Of course I have no scabbard for it – *yet*. For the time being I’ll be happy to take the piece to my talks and invite the audience to touch the oldest piece of wood they’ll ever lay hands on, unless they happen to be archeologists. And Raven will be bashing out a run of these swords in two or three years time, Simon tells me. When he does get round to making more Roman weaponry I shall be at the head of the queue for a ‘jewellery quality’ scabbard in which to sheathe this lovely thing. And possibly a companion piece, the waisted Fulham gladius…

It looks gorgeous. And I am a pushover for a pretty sword!

The present day ‘Fang’

100_3049 100_3050 100_3058 100_3059

Readers of The Eagle’s Vengeance may find themselves wondering whether the Fang, the Venicone fortress atop the range of hills that runs past modern day Stirling, ever actually existed, or has Riches simply made it up in the search for good ground across which his characters can then play? Well, for the avoidance of doubt, it existed.

These days the Venicone (and then Maeatae) fortress that I’ve quite cheekily named ‘The Fang’ is called The Dumyat, and it’s an easily walkable hike up from Stirling (easy if you choose the right path, that is!). The view from the top is nothing less than stunning, as you’ll see from the pictures I’ve attached, taken back in 2008 when the idea of a return to the Antonine Wall was tickling the back of my mind without the series being in the right place for it to happen for a year or two.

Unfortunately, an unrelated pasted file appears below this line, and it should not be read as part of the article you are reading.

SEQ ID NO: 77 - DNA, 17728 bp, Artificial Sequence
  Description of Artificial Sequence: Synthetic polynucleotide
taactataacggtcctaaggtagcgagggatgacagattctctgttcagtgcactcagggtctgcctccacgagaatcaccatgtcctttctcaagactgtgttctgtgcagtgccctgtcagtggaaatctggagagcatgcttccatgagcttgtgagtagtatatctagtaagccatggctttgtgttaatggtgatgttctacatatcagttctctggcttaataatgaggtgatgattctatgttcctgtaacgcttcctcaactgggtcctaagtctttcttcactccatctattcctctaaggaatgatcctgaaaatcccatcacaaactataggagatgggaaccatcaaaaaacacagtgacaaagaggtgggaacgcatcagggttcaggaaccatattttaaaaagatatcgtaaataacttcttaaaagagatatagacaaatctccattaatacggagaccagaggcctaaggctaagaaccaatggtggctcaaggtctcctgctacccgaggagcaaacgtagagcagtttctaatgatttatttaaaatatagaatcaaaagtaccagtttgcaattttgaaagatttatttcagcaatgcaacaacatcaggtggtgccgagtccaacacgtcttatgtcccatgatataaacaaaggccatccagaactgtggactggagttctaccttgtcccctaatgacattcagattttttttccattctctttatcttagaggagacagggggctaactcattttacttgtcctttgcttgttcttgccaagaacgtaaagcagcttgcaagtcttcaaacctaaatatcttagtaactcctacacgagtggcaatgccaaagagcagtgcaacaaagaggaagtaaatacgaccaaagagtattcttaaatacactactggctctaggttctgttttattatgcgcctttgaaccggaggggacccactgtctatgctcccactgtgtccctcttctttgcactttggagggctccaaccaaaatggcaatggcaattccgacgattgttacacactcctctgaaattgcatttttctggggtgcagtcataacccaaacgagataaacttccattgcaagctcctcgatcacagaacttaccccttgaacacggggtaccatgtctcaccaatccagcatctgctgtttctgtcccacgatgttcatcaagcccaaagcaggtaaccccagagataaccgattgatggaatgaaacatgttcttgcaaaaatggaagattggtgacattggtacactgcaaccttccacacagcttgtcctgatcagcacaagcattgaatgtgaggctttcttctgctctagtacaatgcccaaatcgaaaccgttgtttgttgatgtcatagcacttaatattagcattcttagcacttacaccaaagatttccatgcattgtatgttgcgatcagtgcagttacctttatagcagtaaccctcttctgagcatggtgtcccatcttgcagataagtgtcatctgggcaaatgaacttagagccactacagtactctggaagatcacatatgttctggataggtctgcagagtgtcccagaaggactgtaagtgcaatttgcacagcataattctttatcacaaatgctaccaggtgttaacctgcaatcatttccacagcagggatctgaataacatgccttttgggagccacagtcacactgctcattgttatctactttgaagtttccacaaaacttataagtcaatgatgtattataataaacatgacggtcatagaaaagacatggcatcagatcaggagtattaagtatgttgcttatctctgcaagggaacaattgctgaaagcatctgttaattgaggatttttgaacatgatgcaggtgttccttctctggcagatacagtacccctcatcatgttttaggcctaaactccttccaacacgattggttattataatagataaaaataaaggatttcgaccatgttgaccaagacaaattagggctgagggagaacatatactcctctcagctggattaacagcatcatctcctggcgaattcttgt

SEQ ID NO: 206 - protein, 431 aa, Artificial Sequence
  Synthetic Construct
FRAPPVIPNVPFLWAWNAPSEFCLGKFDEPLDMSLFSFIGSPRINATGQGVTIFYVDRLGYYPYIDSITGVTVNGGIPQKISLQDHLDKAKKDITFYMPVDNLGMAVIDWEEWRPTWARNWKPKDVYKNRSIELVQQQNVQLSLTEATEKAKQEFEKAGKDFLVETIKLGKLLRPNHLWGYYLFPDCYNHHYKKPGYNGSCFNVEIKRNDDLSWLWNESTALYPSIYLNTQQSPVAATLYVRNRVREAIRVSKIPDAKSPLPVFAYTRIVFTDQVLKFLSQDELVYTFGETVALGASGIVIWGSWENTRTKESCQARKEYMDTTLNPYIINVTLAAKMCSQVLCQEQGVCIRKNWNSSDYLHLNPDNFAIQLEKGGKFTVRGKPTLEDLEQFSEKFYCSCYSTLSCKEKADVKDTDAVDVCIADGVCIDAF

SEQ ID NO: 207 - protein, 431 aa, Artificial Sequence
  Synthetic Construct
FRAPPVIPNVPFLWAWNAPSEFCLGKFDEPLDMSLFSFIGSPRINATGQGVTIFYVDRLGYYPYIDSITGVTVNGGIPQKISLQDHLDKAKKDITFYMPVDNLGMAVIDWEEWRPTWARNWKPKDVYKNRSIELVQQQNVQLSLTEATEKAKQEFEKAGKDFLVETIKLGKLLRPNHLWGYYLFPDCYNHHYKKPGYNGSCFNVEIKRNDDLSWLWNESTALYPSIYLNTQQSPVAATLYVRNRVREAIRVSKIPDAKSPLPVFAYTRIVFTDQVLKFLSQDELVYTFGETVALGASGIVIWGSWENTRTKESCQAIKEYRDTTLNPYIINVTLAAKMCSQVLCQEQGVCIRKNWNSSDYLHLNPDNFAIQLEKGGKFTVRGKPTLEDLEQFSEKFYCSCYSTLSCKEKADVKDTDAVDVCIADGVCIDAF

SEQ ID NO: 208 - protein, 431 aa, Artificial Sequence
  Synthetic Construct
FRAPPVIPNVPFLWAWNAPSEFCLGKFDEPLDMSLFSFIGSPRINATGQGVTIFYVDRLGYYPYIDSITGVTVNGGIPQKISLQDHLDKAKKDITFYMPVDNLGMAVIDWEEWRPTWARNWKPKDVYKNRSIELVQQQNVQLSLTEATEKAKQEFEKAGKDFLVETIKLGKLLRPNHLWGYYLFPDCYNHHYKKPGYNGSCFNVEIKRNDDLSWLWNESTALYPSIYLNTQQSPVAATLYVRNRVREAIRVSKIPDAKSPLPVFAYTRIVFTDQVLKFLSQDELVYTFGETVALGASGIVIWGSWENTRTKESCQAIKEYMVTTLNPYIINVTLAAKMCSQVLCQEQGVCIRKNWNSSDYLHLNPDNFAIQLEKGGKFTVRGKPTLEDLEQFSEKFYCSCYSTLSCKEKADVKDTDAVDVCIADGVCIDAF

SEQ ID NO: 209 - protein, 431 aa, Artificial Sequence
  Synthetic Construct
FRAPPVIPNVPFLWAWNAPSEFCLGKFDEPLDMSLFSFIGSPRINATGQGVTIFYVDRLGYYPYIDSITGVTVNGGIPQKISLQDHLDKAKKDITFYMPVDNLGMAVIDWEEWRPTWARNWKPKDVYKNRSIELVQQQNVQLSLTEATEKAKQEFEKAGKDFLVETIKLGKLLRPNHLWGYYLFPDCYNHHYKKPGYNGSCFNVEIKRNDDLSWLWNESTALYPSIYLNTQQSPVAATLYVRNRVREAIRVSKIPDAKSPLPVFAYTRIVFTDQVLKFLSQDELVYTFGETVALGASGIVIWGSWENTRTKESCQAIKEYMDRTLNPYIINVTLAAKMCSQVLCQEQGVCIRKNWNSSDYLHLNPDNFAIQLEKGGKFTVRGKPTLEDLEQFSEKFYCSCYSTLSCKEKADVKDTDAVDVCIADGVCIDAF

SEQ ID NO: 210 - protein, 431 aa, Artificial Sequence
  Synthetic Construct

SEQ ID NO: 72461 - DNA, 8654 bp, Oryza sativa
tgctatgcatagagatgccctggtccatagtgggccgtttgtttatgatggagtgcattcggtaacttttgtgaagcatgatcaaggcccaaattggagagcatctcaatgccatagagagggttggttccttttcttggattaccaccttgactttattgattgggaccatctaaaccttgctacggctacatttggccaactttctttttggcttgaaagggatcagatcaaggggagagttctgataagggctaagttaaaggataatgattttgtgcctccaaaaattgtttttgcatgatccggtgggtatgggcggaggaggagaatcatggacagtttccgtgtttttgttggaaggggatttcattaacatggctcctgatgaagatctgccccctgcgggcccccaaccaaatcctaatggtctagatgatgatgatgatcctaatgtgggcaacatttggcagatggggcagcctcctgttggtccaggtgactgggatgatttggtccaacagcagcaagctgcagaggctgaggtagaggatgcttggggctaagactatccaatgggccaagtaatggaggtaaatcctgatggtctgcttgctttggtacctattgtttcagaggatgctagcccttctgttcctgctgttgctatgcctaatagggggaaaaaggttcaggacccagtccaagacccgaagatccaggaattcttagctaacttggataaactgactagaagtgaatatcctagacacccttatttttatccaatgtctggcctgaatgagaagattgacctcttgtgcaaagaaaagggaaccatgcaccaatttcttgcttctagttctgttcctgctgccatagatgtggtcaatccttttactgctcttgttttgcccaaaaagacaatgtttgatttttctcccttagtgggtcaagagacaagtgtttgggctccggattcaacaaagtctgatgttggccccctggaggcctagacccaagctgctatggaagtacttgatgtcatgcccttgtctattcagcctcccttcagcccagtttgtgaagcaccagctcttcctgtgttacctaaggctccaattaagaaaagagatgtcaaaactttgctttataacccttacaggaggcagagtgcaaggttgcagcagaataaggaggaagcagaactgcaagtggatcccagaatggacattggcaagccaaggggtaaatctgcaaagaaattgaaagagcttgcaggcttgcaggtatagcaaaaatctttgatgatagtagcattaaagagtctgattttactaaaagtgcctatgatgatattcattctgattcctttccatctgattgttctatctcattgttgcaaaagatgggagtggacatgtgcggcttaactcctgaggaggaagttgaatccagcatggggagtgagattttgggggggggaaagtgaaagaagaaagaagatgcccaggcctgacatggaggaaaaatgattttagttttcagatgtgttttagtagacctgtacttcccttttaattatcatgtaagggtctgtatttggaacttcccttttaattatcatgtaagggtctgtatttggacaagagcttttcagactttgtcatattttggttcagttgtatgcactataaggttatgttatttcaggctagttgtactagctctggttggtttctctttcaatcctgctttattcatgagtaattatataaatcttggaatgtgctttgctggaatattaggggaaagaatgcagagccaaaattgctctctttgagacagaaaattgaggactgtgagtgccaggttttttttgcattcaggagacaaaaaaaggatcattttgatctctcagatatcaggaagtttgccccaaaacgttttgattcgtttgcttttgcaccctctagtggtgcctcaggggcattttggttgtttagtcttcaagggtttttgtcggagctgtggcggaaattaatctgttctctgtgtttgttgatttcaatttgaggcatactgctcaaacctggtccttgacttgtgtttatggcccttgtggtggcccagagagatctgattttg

Taken from the north-east of the fort’s historic location, these pictures illustrate just how sheer the southern slope of the hill is, while the other pictures illustrate the view an attacker would have had and show the vestigial remains of a stone wall that was once part of the defences that once stood proudly over the flood plain of the Dirty River (a stream so flooded with silt that the raised bog of Flanders Moss was well nigh impassable until large parts of it were cleared in the 18th century) are still there, if you look hard enough. It’s easy to imagine what a difficult place it would have been to assault, even with the Roman expertise at siege warfare. Recommended, if you live close enough to make a visit.

Reflections on the Wall Walk

And so here I am, sitting in my office after a weekend of relaxation, reflecting on the Wall Walk.